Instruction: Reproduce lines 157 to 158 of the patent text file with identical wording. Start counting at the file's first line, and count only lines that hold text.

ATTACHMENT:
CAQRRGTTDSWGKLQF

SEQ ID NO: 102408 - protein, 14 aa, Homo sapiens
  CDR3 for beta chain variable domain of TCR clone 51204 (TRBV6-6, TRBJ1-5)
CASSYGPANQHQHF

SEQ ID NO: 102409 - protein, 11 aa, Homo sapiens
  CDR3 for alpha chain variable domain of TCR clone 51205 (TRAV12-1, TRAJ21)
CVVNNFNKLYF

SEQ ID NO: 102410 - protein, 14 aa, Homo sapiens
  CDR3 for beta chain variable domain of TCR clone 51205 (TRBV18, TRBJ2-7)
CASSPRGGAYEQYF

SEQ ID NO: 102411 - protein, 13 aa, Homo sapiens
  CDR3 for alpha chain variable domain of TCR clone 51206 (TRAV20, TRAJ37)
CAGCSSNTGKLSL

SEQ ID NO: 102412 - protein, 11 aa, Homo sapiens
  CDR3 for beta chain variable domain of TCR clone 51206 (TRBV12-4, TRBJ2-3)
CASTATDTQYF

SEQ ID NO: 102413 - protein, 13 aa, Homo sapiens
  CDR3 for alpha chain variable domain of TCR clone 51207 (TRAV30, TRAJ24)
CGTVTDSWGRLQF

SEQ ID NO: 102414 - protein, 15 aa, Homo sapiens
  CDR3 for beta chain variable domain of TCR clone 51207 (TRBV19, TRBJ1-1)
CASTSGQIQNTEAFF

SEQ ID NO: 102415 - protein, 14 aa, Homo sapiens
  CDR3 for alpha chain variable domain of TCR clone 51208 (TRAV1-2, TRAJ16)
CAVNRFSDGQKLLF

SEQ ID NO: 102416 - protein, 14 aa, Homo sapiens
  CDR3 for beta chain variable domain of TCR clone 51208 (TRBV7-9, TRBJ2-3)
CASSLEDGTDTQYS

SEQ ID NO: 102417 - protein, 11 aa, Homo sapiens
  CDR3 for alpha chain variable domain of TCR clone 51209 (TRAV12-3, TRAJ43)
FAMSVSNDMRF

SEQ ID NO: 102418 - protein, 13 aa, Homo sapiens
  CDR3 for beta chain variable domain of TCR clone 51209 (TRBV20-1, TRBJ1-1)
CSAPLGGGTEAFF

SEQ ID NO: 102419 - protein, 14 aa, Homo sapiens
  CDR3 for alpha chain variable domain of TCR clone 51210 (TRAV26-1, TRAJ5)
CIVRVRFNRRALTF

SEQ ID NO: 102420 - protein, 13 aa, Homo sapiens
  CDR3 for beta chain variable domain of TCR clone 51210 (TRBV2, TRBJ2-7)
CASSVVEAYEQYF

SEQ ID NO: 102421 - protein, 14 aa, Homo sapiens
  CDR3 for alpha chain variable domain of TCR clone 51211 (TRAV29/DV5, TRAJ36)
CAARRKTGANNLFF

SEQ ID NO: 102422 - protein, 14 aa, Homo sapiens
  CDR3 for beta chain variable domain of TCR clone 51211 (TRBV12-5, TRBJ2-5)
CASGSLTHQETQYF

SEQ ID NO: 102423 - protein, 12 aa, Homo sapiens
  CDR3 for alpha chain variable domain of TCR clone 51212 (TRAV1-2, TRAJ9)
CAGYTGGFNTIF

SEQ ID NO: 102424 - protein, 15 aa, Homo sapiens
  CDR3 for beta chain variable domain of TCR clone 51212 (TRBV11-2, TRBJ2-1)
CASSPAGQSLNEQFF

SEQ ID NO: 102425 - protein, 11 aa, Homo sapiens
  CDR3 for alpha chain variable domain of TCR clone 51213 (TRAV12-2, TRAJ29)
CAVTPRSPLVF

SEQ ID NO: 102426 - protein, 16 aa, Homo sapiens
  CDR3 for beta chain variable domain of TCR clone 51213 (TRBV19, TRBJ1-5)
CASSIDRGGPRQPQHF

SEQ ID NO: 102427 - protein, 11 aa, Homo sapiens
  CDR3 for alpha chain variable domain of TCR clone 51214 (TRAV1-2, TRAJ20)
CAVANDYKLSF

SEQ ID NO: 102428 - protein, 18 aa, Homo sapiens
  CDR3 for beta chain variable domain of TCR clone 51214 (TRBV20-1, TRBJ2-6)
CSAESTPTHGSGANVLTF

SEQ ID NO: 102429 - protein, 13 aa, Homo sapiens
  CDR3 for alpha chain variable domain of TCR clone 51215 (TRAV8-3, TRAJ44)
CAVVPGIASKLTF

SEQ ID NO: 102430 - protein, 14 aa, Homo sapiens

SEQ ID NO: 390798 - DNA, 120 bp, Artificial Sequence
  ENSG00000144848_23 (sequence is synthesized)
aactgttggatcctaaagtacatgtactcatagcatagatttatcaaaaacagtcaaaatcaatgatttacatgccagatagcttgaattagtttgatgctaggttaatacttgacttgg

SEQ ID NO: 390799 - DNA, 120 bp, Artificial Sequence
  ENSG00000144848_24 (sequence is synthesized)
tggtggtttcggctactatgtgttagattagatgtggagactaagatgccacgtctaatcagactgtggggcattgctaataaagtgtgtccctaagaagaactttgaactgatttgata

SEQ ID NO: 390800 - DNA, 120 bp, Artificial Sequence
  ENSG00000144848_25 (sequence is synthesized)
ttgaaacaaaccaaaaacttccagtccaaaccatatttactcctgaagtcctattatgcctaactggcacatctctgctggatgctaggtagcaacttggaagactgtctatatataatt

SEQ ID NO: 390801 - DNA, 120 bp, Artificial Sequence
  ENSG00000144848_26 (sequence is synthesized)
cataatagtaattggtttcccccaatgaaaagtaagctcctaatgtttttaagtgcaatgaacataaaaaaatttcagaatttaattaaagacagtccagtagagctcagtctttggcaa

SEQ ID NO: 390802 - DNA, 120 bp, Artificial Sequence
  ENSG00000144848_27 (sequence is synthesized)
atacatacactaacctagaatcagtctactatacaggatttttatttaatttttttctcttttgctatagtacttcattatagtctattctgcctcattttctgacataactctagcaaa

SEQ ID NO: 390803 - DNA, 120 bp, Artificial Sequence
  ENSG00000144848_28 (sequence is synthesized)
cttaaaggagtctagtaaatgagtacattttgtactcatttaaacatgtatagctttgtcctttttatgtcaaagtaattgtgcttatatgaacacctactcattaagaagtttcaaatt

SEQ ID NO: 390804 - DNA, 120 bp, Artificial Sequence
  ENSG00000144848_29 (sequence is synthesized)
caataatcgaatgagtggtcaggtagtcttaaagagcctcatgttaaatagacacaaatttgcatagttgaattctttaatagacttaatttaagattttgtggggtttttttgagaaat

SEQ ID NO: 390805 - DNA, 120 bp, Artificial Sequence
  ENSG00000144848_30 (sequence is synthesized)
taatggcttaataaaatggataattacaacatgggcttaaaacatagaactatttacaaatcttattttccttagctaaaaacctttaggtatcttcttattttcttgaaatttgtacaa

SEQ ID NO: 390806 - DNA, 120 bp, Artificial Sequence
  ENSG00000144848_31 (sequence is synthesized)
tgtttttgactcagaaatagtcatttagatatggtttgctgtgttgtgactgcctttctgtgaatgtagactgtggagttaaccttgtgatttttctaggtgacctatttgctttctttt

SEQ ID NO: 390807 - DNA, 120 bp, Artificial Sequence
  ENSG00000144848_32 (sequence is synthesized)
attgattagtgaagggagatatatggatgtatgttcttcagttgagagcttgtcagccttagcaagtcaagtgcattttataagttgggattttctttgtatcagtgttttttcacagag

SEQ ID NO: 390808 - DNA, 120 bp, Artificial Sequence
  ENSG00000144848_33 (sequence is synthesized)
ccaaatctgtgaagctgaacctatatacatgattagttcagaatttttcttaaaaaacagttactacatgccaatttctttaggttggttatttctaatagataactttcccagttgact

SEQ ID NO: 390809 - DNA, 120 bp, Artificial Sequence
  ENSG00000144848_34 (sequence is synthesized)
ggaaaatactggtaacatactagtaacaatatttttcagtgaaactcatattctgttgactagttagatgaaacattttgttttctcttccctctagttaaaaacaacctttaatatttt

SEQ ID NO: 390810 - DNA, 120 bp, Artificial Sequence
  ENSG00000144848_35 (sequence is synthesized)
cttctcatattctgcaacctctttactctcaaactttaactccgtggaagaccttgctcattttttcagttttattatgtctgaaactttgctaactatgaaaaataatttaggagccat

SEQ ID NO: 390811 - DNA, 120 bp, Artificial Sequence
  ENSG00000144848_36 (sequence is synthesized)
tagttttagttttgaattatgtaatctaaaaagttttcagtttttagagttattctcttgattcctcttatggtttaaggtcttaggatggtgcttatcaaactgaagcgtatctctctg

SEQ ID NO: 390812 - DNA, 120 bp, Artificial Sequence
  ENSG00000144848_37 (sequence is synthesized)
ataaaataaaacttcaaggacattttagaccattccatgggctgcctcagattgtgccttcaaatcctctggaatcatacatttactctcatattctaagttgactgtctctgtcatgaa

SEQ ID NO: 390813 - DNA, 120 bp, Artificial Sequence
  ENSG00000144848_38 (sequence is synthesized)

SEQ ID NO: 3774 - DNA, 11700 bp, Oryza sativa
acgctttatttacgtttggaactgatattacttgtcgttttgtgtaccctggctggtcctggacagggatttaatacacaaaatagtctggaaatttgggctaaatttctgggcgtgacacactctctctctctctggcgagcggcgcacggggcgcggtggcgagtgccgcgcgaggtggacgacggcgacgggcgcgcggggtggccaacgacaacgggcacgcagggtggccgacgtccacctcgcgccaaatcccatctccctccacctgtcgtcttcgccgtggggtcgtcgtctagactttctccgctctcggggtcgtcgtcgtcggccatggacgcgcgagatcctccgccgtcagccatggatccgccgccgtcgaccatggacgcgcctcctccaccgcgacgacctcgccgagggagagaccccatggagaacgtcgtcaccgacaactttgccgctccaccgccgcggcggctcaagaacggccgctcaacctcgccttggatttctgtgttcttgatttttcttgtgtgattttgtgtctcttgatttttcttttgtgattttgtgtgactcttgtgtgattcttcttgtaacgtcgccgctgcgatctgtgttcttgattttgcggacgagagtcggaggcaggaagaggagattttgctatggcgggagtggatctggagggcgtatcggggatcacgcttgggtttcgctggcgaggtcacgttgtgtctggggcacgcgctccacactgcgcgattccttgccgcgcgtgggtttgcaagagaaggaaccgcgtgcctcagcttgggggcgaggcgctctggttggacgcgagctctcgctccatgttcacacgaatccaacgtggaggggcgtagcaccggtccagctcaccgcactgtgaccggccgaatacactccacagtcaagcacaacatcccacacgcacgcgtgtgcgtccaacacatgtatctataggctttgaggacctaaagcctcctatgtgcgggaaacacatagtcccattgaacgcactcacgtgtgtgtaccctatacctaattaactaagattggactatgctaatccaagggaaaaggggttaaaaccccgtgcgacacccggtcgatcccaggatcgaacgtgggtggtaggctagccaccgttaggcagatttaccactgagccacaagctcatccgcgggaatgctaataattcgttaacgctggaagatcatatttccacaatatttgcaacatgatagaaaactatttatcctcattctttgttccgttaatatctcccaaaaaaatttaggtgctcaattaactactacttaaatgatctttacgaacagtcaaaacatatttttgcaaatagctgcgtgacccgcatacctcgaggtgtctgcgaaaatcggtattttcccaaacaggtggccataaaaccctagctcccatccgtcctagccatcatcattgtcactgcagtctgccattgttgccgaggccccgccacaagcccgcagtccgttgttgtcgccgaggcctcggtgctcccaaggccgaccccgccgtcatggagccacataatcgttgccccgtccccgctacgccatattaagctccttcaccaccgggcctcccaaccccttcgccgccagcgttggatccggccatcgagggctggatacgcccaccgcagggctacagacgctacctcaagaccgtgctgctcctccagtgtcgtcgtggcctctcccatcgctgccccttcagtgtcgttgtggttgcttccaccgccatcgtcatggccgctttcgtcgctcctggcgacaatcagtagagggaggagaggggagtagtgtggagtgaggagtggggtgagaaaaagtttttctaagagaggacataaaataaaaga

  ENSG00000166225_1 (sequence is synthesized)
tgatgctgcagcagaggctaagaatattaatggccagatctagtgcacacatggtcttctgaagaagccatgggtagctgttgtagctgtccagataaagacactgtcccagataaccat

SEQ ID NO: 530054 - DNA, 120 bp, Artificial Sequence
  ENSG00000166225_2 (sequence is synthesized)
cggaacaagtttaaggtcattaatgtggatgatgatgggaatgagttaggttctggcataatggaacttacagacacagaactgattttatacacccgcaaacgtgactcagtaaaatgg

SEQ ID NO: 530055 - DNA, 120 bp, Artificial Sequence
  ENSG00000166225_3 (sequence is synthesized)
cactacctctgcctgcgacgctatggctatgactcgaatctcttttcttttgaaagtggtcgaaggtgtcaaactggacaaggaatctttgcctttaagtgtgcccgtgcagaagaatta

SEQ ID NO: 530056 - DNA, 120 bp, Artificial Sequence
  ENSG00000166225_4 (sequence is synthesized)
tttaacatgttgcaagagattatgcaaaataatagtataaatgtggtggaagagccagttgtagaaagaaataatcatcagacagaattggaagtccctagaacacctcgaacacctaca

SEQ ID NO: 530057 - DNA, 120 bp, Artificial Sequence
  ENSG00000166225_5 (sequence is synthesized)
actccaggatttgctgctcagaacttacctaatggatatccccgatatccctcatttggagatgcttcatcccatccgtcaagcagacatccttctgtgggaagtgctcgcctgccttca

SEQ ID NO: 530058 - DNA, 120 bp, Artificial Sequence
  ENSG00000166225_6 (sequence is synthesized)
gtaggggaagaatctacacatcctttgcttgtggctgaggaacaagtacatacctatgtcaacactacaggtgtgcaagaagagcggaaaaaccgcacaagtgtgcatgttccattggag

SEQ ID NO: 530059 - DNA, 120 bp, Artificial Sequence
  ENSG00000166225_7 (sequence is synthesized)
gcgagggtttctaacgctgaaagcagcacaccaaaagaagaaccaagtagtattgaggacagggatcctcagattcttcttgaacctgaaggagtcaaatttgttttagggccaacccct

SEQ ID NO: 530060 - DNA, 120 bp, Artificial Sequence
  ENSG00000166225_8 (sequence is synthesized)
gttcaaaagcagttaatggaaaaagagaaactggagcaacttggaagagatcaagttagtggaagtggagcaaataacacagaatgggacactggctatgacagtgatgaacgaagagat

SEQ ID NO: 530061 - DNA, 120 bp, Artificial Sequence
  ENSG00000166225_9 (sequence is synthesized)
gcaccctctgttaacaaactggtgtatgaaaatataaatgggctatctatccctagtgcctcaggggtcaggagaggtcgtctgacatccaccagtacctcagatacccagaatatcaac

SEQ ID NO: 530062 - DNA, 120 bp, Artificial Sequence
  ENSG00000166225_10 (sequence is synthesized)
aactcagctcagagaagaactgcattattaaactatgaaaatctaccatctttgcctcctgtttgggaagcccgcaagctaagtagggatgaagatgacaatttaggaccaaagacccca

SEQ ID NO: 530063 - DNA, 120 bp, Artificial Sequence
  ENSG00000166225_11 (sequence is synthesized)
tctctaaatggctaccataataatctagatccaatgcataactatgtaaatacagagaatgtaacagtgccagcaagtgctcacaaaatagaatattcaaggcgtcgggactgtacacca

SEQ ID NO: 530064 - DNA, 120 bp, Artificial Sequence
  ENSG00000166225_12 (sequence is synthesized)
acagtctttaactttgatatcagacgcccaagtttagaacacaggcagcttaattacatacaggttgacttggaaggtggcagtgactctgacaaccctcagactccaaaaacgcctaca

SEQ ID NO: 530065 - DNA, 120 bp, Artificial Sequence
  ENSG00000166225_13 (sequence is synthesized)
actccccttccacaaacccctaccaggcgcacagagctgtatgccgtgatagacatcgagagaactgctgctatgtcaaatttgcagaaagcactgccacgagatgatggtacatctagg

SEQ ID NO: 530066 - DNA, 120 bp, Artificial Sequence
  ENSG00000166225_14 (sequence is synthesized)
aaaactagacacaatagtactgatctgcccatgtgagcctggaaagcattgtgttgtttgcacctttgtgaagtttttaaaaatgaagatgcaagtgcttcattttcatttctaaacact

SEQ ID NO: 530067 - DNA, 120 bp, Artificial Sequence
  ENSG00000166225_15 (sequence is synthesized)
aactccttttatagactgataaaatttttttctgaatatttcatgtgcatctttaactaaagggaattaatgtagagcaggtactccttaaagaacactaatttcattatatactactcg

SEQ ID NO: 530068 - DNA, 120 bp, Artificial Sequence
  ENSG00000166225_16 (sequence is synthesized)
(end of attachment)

  ENSG00000166225_14 (sequence is synthesized)
aaaactagacacaatagtactgatctgcccatgtgagcctggaaagcattgtgttgtttgcacctttgtgaagtttttaaaaatgaagatgcaagtgcttcattttcatttctaaacact